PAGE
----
Harvesting of Green, Gold and Red Kiwifruit begins
The 2020 harvesting of Green, Gold and Red Kiwifruit has begun with kiwifruit picking underway in Gisborne and the Bay of Plenty.
The 2020 season is forecast to be another very large crop with around 155 million trays of Green and Gold kiwifruit expected to be picked in orchards and packed in packhouses across New Zealand from Northland to Motueka. This year’s crop is forecast to be well up from the 147 million trays exported in 2019.
It is predominantly the Gold variety which is first picked, followed by Green kiwifruit in late March. The last fruit is picked in June.
Alongside the picking of Green and Gold kiwifruit, Zespri Red Kiwifruit will also be picked as a commercial variety. The sweet, berry-tinged tasting kiwifruit will be destined for markets in Japan and Singapore as well as supermarket shelves in New Zealand.
Nikki Johnson, CEO of New Zealand Kiwifruit Growers Inc. - NZKGI, says that consumers should expect the fruit to be tasting great. However, there are some potential hurdles around dry weather, Coronavirus and seasonal labour availability.
“As the kiwifruit is packed, we will start to have a clearer picture of the impact of this years’ hot and dry weather which may be influential,” says Nikki.
In addition to the dry weather, this season also has an emphasis on being well prepared for potential disruption from Coronavirus.
“As we are working with a food crop, the industry already has strong processes in place around food safety and personal hygiene and these will continue to be important. The industry is working together to plan and mitigate disruption and will be following public health recommendations,” says Nikki.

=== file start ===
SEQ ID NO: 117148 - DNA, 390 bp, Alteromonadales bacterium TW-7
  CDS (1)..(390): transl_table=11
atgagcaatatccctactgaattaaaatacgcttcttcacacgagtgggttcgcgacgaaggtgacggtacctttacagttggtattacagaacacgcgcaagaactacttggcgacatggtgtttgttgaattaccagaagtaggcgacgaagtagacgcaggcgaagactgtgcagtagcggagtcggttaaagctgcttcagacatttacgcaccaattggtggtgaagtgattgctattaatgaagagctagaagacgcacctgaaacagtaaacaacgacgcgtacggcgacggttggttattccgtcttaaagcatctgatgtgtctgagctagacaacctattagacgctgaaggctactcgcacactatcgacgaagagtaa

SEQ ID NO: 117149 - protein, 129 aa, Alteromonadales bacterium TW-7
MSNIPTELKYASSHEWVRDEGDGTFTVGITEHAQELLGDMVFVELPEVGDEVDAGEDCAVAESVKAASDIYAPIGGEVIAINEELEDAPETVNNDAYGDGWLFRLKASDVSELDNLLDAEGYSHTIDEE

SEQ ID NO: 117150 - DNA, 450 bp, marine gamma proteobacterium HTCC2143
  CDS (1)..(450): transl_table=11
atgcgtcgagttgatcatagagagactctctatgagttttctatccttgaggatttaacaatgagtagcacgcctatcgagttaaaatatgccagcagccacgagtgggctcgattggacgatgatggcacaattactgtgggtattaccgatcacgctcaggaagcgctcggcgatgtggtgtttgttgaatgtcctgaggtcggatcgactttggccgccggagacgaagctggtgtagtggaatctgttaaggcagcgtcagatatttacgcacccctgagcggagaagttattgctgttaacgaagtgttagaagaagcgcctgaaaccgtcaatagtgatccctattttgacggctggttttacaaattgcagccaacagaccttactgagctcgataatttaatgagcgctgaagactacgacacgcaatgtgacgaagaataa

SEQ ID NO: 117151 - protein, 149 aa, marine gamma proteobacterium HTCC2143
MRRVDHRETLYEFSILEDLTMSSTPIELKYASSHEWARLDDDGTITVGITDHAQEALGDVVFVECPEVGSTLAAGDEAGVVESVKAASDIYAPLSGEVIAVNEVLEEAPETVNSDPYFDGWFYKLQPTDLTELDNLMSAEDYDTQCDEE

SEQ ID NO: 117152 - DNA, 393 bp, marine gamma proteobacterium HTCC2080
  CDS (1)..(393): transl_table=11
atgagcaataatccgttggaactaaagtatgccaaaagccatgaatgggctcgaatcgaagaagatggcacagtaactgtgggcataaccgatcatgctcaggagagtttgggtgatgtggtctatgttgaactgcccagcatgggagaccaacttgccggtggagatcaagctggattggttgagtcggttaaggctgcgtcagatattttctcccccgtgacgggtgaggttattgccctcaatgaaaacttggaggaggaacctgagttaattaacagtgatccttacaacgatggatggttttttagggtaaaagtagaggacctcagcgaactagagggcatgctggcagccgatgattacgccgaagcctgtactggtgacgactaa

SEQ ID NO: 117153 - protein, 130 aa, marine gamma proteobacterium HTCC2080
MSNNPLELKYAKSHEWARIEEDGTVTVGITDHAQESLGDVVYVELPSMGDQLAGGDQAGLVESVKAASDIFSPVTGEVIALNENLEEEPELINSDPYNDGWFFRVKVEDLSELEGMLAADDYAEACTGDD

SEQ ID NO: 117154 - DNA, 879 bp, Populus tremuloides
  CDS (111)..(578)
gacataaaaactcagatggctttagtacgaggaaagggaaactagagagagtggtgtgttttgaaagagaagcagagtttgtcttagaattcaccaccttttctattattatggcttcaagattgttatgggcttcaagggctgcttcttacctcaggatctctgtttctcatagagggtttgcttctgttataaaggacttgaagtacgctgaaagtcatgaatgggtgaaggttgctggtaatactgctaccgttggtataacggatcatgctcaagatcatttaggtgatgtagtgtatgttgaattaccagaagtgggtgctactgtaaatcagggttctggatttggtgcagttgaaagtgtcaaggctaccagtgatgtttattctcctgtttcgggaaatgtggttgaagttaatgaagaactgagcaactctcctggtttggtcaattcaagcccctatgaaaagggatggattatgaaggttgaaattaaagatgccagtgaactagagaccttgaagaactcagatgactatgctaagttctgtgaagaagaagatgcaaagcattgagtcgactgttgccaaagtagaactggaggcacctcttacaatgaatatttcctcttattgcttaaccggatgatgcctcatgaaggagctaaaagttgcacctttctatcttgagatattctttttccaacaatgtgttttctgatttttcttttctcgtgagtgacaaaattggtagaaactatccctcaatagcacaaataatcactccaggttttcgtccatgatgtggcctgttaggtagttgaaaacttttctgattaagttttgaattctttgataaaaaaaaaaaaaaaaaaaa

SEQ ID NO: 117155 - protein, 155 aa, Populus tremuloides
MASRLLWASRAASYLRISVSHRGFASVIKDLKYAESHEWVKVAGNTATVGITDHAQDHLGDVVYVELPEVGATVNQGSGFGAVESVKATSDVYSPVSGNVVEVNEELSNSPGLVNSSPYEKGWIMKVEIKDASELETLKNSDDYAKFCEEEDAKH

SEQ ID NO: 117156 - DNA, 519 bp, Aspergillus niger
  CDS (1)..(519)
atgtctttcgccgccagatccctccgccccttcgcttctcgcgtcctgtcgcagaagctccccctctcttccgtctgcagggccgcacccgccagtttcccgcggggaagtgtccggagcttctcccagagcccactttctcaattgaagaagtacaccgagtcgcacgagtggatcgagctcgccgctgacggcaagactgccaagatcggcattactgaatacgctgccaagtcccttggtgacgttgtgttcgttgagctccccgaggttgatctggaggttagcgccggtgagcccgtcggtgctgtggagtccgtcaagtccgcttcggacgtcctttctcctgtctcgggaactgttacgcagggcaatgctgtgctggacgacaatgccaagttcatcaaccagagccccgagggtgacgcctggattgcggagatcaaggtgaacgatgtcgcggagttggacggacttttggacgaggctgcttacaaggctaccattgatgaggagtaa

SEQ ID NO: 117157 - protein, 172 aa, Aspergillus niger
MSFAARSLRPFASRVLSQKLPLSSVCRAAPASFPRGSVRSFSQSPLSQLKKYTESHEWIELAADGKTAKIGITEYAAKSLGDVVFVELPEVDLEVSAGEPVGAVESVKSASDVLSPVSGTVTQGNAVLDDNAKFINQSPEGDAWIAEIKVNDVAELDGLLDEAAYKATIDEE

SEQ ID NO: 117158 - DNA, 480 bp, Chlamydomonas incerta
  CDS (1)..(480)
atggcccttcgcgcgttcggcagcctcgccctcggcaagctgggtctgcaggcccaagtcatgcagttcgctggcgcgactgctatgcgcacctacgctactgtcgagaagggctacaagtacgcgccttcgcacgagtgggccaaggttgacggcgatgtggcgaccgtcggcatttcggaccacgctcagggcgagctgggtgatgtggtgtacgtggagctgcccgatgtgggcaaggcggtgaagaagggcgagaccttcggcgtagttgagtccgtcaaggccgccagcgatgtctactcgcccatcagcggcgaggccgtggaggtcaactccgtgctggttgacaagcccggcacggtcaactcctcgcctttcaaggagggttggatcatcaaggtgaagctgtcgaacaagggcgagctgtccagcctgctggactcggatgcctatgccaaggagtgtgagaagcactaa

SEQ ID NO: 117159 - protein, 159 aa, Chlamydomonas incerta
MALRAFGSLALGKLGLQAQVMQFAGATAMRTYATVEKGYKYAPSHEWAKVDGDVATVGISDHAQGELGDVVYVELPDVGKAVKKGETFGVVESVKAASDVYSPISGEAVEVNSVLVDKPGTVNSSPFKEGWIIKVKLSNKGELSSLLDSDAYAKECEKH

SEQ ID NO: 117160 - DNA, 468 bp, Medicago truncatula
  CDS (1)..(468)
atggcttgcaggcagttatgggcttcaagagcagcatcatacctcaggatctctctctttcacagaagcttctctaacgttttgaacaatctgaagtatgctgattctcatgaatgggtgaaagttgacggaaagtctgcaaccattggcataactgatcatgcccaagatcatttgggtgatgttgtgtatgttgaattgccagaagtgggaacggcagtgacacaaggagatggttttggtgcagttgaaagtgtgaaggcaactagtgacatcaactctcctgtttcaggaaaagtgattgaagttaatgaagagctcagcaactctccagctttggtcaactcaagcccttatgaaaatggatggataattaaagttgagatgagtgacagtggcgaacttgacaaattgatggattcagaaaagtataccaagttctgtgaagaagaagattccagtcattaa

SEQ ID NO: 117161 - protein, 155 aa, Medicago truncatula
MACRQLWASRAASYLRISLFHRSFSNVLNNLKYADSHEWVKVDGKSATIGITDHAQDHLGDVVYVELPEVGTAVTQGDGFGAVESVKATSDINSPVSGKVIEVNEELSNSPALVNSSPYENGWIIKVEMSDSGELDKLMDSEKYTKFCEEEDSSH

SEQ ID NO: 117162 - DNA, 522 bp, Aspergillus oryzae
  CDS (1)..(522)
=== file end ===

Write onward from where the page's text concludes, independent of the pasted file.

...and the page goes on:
Based on the forecast volume and spread of the harvest season, it is currently forecast that around 20,000 workers will be required throughout the harvest period. However, Nikki says it will become clearer if there are sufficient workers as the industry gets closer to the peak of harvest and the requirement for significantly more seasonal workers increases.
NZKGI has taken proactive steps to mitigate the likely labour risk and will be communicating on the steps which will be taken over the coming weeks. In addition, NZKGI has been in conversations with forestry organisations to ascertain if there is the ability to provide opportunities to forestry employees while there is a lull in wood exports.
Zespri Chief Grower & Alliances Officer Dave Courtney says Zespri was expecting another great tasting crop with more SunGold than Green kiwifruit.
“This year we’re again expecting to have more SunGold than Green kiwifruit, and of course we’ll be bringing an increasing amount of Zespri Red Kiwifruit to market following last year’s limited release.
“We’re also excited to introduce our new brand to consumers and progressively roll this out to markets across the year,” says Dave.
Kiwifruit is by far New Zealand’s largest fresh horticultural export, with over NZ$2.63 billion in sales of New Zealand fruit in 2018. This represents the value of over half of all New Zealand’s horticulture exports. In 2018 over 2,700 growers grew 149 million trays of kiwifruit which was sold to over 50 markets. The industry is experiencing strong growth which is expected to continue over the coming years.
New Zealand kiwifruit production is expected to jump from 123 million trays in 2017 to 190 million trays in 2027. The kiwifruit industry’s global revenue is expected to jump from over $2.63 billion in 2018 to $6 billion by 2030.
The 2018 regional contribution is broken down as follows: Northland $76m, Auckland $70m, Waikato $65m, Bay of Plenty $1.45b, Poverty Bay $57m, Hawke’s Bay $32m, Lower North Island $7m, and South Island $58m
The importance of New Zealand’s kiwifruit industry is represented through its contribution to New Zealand’s local economies, contributing $1.82 billion to kiwifruit growing regions in 2018.